Criminal Justice Student Speaks Out

Article excerpt

Byline: Oliver Andresen

"In a world which can be lawless both nationally and internationally, just what does criminal justice mean?" I asked Aldo Schumann, a certified nursing assistant at Friendship Village. "The term sounds like an oxymoron - such as military intelligence, working vacation or jumbo shrimp."

Aldo currently attends the University of Illinois Circle Campus, where he will receive a degree in criminal justice next May. His services at Friendship Village are so highly regarded that he was one of the 10 winners of the Woman's Organization of Friendship Village Employee Scholarship Awards for 2001. He is 22 years old, originally from Medellin, Colombia, and has been at Friendship Village five years.

"In America the criminal law procedures for those who break the law are the same as those for everyone else," Aldo replied. "For example, people behind bars are guaranteed such things as education and medical treatment along with all the other constitutional rights."

"Technically what is a criminal act?" I asked.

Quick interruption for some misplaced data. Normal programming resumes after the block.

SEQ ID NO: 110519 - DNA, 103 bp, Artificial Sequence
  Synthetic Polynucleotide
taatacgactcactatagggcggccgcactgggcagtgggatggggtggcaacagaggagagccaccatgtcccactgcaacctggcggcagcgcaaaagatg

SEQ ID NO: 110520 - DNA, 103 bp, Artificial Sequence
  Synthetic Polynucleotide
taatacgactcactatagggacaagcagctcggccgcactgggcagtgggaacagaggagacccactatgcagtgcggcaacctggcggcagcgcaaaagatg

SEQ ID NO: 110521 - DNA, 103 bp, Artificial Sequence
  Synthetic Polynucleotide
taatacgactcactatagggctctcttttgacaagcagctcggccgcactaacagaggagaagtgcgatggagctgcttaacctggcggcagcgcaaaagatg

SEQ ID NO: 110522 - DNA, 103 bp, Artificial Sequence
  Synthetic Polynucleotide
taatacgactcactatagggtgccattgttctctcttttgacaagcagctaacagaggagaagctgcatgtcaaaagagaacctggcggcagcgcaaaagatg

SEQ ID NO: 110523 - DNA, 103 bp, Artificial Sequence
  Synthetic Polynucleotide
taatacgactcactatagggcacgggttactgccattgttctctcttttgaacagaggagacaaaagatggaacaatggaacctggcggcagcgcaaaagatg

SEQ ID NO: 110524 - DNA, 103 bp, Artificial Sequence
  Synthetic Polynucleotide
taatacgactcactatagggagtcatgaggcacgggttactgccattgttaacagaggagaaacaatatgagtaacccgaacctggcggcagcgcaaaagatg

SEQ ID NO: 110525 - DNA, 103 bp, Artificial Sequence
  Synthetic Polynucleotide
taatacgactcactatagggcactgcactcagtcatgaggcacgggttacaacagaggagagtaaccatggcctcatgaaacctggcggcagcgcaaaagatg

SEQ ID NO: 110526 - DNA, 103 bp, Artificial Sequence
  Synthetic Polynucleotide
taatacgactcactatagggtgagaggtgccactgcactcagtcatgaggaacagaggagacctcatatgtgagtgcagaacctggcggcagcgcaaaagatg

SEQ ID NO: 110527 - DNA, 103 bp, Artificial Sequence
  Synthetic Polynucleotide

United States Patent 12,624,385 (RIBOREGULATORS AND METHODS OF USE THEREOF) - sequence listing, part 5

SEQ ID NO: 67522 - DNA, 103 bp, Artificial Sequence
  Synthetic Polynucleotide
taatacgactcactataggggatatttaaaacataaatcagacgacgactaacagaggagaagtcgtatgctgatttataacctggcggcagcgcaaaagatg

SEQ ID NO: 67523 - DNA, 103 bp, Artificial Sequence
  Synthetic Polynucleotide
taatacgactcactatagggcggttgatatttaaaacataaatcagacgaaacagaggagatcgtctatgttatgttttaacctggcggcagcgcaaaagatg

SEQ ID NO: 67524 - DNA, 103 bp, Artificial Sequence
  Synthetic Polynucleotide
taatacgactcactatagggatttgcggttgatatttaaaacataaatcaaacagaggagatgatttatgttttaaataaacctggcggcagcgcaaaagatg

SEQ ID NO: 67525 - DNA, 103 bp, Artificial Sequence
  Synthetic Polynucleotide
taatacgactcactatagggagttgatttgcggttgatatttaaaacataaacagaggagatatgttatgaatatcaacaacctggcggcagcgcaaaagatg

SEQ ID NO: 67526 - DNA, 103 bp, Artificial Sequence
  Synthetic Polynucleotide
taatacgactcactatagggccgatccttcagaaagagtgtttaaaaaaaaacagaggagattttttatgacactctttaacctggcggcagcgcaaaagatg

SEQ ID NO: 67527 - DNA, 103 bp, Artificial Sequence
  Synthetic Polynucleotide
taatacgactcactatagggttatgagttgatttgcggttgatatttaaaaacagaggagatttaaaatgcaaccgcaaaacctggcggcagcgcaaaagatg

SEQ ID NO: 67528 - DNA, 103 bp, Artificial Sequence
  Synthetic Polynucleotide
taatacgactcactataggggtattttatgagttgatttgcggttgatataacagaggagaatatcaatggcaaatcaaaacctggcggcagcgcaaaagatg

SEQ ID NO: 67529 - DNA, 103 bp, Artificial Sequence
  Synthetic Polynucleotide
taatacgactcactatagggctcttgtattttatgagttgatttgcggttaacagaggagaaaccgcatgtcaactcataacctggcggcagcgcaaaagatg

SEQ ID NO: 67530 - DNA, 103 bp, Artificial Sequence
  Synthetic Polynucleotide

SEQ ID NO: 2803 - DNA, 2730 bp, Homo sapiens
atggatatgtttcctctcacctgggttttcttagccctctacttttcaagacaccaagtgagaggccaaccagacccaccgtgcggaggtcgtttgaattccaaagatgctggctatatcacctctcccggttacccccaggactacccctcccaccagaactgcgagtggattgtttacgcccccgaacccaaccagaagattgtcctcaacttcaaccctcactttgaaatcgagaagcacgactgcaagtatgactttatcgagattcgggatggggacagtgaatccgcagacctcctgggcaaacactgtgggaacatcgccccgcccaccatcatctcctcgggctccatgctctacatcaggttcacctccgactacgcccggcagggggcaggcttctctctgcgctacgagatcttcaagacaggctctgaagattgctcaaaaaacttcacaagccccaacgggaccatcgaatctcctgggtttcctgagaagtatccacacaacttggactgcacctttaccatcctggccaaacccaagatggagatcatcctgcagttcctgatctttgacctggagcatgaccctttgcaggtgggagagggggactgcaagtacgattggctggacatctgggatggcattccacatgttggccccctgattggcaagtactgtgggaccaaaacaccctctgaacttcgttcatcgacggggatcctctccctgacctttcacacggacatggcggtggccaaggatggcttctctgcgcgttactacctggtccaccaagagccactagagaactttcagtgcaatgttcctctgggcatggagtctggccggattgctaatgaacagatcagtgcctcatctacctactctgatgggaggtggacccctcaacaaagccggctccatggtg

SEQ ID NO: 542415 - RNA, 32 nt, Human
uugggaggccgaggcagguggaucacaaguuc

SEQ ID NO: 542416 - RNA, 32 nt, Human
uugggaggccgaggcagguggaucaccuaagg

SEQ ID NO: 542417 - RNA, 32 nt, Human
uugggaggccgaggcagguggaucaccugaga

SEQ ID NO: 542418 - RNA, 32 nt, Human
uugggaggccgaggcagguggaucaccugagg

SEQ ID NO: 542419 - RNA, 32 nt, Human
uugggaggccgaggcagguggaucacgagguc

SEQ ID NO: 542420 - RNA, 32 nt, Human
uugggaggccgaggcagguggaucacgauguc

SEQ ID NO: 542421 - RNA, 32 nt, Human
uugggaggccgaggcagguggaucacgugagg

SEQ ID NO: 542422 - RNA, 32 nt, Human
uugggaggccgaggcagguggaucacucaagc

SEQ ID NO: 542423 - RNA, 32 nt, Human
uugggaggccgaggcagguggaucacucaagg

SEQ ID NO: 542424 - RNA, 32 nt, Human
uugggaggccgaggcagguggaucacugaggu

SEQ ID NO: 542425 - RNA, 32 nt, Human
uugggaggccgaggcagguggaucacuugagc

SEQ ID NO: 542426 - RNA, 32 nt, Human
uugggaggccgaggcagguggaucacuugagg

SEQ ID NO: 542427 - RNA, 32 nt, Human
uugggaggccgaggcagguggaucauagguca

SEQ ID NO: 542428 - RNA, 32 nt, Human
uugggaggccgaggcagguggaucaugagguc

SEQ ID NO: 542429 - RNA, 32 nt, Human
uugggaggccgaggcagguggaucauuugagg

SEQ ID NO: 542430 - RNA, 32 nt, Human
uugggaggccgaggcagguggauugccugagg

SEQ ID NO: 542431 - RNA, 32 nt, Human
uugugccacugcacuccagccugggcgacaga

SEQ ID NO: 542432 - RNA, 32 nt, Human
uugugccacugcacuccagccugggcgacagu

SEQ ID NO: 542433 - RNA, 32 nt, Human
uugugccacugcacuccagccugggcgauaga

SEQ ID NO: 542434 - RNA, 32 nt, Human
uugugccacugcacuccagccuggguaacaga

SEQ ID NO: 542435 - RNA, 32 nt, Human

"Anything that society accepts as being wrong."

"But does the law differentiate between a criminal act committed by a person with a criminal mind, such as that of an intentional murderer, from an act of passion by a socially adjusted person suddenly caught up in a life and death threat for himself or someone he loves?"

"That's an important question," said Aldo.

"I ask because of the plethora of current shootings reported in the news," I said. "Often the assassin fully intends to kill. I speak of a gun-bearing gang member murdering in defense of his turf. Such a person certainly deserves the prescribed penalties of the law.

"On the other hand, occasionally someone with a gun spontaneously kills in presumed self-defense or in defense of another. …